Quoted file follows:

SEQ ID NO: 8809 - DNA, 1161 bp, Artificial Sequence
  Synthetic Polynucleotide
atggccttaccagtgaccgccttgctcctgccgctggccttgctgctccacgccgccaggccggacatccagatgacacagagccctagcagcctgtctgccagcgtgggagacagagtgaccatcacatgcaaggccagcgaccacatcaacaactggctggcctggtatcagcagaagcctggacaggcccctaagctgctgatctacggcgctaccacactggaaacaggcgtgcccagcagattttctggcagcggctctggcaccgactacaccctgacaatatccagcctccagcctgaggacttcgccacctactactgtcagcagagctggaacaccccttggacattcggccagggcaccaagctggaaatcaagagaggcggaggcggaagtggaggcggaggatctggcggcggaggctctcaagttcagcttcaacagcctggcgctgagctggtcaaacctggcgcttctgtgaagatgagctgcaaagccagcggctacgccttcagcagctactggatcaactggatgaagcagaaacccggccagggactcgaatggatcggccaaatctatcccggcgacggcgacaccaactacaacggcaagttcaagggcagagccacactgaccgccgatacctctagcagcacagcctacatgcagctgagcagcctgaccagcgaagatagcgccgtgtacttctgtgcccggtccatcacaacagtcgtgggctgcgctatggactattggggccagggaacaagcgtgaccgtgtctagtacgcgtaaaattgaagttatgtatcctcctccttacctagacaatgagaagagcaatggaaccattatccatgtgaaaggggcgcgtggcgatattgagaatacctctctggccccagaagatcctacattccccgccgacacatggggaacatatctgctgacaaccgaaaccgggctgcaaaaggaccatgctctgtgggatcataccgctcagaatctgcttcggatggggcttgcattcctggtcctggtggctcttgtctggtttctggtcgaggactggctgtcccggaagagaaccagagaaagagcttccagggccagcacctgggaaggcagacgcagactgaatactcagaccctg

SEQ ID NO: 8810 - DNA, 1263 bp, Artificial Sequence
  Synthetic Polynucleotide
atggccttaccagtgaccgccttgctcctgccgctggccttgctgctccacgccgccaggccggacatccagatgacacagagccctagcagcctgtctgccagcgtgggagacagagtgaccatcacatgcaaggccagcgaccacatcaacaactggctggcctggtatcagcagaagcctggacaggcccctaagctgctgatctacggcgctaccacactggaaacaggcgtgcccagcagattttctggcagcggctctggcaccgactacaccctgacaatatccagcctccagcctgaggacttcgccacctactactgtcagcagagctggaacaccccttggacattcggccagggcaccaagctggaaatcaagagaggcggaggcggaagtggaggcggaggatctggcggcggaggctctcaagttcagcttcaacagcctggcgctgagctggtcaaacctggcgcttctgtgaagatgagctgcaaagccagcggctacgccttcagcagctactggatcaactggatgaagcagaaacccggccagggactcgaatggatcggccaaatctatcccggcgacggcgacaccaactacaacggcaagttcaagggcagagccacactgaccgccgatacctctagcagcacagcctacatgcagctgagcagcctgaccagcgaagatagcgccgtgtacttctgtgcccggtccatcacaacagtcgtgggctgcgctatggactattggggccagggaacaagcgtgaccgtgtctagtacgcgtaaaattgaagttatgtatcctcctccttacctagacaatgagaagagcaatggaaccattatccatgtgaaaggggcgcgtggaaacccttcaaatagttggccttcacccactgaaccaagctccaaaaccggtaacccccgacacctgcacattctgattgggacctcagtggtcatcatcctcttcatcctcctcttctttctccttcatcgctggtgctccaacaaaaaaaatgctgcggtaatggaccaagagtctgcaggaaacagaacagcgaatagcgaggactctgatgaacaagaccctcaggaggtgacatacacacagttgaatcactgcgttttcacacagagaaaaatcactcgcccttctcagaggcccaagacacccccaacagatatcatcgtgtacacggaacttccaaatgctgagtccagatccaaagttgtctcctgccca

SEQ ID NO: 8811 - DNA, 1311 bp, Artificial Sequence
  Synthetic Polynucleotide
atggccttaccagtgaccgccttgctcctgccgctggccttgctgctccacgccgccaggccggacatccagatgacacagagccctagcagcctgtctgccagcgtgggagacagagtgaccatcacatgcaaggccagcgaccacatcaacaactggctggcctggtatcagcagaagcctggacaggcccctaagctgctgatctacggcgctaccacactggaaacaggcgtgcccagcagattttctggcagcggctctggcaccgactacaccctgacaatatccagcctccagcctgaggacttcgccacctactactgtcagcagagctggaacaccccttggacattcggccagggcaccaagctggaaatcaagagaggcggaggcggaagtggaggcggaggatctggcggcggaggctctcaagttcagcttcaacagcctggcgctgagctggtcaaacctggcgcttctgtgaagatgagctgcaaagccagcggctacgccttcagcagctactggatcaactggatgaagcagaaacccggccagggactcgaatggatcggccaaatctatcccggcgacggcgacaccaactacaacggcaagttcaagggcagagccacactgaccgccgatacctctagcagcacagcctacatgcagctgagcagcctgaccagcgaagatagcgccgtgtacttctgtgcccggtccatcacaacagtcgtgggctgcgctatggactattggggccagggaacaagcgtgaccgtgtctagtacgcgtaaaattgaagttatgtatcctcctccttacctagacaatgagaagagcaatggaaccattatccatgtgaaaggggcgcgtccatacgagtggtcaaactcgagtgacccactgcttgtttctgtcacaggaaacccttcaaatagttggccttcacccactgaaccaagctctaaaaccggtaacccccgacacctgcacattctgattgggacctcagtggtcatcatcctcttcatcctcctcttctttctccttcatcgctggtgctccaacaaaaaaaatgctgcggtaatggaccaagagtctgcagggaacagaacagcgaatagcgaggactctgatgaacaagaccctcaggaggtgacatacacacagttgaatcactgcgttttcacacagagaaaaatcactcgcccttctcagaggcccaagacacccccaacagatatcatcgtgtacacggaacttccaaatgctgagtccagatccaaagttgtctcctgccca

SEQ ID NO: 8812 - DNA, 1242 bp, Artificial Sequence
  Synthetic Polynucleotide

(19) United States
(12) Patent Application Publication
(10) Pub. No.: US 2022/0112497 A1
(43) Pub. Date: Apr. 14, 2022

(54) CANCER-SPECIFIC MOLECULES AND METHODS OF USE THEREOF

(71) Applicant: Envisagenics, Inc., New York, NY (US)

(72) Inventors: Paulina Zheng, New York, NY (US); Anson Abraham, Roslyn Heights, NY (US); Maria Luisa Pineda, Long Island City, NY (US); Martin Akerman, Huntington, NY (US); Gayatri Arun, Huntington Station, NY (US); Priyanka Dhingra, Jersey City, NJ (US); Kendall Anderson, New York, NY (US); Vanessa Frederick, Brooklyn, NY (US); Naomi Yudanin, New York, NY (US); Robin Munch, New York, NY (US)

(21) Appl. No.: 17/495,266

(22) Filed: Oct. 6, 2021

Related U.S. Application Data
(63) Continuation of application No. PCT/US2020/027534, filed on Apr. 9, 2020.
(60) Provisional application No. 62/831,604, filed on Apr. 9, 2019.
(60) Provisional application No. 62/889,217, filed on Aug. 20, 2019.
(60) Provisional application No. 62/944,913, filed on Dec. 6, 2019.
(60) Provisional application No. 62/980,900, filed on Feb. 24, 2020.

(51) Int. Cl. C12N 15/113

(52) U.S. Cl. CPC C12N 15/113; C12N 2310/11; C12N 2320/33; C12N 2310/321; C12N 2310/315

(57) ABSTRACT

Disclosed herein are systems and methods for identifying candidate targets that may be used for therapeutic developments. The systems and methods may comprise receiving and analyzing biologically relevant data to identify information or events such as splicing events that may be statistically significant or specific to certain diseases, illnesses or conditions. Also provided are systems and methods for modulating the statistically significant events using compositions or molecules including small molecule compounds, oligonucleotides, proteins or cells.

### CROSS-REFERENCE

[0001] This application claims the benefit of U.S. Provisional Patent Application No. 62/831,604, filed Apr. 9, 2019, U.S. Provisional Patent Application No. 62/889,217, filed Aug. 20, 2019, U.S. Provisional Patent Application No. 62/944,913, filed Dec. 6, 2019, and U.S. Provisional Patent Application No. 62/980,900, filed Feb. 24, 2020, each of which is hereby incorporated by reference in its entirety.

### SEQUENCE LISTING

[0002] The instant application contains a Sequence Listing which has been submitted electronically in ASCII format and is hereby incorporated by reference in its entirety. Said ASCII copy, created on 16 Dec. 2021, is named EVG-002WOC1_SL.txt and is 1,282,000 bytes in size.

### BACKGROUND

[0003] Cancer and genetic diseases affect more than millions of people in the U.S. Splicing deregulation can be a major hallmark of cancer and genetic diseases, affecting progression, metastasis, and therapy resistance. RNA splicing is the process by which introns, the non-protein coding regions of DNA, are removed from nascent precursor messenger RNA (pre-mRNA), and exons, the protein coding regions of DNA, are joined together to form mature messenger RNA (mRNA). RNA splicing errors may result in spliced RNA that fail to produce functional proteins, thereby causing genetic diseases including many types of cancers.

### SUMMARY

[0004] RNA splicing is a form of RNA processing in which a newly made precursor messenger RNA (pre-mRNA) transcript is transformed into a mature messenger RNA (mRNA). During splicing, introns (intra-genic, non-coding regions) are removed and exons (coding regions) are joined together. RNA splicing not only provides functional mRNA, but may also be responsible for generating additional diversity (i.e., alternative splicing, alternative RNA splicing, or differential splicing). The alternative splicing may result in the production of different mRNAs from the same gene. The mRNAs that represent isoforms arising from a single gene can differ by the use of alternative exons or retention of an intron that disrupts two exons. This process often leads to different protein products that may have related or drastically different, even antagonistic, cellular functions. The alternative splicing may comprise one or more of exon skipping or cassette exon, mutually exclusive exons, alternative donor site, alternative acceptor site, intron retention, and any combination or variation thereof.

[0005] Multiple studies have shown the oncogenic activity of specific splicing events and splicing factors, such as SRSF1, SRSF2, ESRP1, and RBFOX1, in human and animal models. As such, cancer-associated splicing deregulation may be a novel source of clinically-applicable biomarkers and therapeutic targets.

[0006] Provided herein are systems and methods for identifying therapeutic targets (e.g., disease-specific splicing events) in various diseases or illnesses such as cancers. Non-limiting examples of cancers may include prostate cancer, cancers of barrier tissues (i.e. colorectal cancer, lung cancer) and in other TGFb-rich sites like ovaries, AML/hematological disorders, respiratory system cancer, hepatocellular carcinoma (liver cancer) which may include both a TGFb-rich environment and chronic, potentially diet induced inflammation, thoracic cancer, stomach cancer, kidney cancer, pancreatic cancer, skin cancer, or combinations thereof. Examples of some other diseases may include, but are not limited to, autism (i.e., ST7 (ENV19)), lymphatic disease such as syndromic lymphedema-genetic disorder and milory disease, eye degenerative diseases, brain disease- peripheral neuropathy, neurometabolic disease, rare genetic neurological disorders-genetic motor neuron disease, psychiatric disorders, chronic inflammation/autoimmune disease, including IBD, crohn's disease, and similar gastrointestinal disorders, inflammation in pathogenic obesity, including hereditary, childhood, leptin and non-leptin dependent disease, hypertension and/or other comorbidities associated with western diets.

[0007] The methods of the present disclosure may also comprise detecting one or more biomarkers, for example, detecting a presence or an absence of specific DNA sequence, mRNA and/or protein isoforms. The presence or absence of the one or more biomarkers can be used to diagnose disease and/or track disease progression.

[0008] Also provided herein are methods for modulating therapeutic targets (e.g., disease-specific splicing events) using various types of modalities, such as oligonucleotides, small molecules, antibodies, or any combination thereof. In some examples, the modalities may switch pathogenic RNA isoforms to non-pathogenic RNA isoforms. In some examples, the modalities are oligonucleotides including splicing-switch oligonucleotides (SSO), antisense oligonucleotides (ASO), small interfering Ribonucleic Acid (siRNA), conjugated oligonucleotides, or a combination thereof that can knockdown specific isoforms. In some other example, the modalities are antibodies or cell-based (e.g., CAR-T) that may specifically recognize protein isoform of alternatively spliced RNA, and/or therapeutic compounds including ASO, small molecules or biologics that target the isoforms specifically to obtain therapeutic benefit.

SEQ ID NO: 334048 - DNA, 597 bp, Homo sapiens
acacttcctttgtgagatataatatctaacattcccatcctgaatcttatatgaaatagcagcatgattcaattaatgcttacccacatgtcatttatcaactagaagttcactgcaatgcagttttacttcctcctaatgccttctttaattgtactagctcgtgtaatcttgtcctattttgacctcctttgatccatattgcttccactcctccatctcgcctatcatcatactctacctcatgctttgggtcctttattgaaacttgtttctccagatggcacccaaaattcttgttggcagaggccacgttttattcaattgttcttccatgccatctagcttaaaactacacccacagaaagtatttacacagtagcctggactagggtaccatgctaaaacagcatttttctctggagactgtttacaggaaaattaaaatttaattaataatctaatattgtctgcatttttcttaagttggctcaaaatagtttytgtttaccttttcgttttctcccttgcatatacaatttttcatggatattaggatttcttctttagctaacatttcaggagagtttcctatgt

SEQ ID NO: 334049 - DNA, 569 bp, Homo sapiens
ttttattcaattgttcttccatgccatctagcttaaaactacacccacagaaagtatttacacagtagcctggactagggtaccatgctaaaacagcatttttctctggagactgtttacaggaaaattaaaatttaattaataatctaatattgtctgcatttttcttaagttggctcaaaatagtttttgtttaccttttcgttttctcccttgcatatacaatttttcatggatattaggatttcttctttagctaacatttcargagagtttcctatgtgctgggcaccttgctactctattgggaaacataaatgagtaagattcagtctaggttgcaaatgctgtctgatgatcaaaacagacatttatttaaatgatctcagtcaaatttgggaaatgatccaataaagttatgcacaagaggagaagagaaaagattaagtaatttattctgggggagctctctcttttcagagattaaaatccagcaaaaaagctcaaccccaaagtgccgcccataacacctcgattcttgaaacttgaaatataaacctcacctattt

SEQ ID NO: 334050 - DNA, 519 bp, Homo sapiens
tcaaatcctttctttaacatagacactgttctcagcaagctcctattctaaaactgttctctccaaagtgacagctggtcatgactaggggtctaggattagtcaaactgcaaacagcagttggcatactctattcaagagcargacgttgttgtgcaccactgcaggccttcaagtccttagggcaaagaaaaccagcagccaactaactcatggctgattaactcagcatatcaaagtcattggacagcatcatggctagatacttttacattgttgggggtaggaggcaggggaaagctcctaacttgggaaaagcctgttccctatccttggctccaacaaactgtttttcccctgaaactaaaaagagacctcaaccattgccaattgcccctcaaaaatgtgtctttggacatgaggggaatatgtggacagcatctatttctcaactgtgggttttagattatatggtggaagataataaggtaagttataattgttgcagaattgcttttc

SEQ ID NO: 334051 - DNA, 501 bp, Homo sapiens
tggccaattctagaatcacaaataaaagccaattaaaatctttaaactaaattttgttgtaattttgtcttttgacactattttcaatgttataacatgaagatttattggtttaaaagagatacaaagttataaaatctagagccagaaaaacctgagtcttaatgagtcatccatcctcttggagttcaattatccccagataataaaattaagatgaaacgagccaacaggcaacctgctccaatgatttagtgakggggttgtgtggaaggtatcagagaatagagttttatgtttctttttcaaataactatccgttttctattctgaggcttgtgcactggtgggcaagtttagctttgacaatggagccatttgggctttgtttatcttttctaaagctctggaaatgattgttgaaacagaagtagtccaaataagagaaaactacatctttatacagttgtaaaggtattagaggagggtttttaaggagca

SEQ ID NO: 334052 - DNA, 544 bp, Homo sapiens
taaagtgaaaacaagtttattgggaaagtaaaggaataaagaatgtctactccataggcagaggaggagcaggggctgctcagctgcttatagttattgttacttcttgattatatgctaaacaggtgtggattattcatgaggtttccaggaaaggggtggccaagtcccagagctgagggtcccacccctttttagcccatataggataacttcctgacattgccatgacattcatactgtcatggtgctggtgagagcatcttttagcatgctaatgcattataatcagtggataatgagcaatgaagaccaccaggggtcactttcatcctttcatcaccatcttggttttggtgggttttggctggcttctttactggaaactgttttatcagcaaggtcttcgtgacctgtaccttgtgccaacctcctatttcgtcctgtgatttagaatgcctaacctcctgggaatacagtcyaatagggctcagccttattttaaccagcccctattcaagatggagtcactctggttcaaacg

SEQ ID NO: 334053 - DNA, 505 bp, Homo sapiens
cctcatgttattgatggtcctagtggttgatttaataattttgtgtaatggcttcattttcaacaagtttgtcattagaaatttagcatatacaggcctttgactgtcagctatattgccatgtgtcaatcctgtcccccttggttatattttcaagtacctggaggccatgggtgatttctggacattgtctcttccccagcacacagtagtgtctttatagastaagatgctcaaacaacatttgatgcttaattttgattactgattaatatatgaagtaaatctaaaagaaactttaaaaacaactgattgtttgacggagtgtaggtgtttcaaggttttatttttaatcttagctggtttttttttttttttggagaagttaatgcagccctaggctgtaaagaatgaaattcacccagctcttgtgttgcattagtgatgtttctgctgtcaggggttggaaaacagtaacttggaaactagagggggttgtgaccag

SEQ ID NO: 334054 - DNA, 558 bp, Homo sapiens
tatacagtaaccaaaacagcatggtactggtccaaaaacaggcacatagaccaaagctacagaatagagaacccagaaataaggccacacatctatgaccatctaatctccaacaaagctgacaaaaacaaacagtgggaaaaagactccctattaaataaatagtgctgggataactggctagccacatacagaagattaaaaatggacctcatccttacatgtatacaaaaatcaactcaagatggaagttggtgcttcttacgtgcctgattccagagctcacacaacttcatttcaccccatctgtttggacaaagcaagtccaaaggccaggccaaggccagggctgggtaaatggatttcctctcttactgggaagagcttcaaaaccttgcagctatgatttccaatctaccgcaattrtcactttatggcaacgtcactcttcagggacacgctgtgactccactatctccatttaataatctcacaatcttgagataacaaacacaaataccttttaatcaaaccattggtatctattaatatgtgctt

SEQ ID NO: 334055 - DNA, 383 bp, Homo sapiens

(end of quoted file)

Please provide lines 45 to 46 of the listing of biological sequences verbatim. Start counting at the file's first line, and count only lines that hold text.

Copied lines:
SEQ ID NO: 334049 - DNA, 569 bp, Homo sapiens
ttttattcaattgttcttccatgccatctagcttaaaactacacccacagaaagtatttacacagtagcctggactagggtaccatgctaaaacagcatttttctctggagactgtttacaggaaaattaaaatttaattaataatctaatattgtctgcatttttcttaagttggctcaaaatagtttttgtttaccttttcgttttctcccttgcatatacaatttttcatggatattaggatttcttctttagctaacatttcargagagtttcctatgtgctgggcaccttgctactctattgggaaacataaatgagtaagattcagtctaggttgcaaatgctgtctgatgatcaaaacagacatttatttaaatgatctcagtcaaatttgggaaatgatccaataaagttatgcacaagaggagaagagaaaagattaagtaatttattctgggggagctctctcttttcagagattaaaatccagcaaaaaagctcaaccccaaagtgccgcccataacacctcgattcttgaaacttgaaatataaacctcacctattt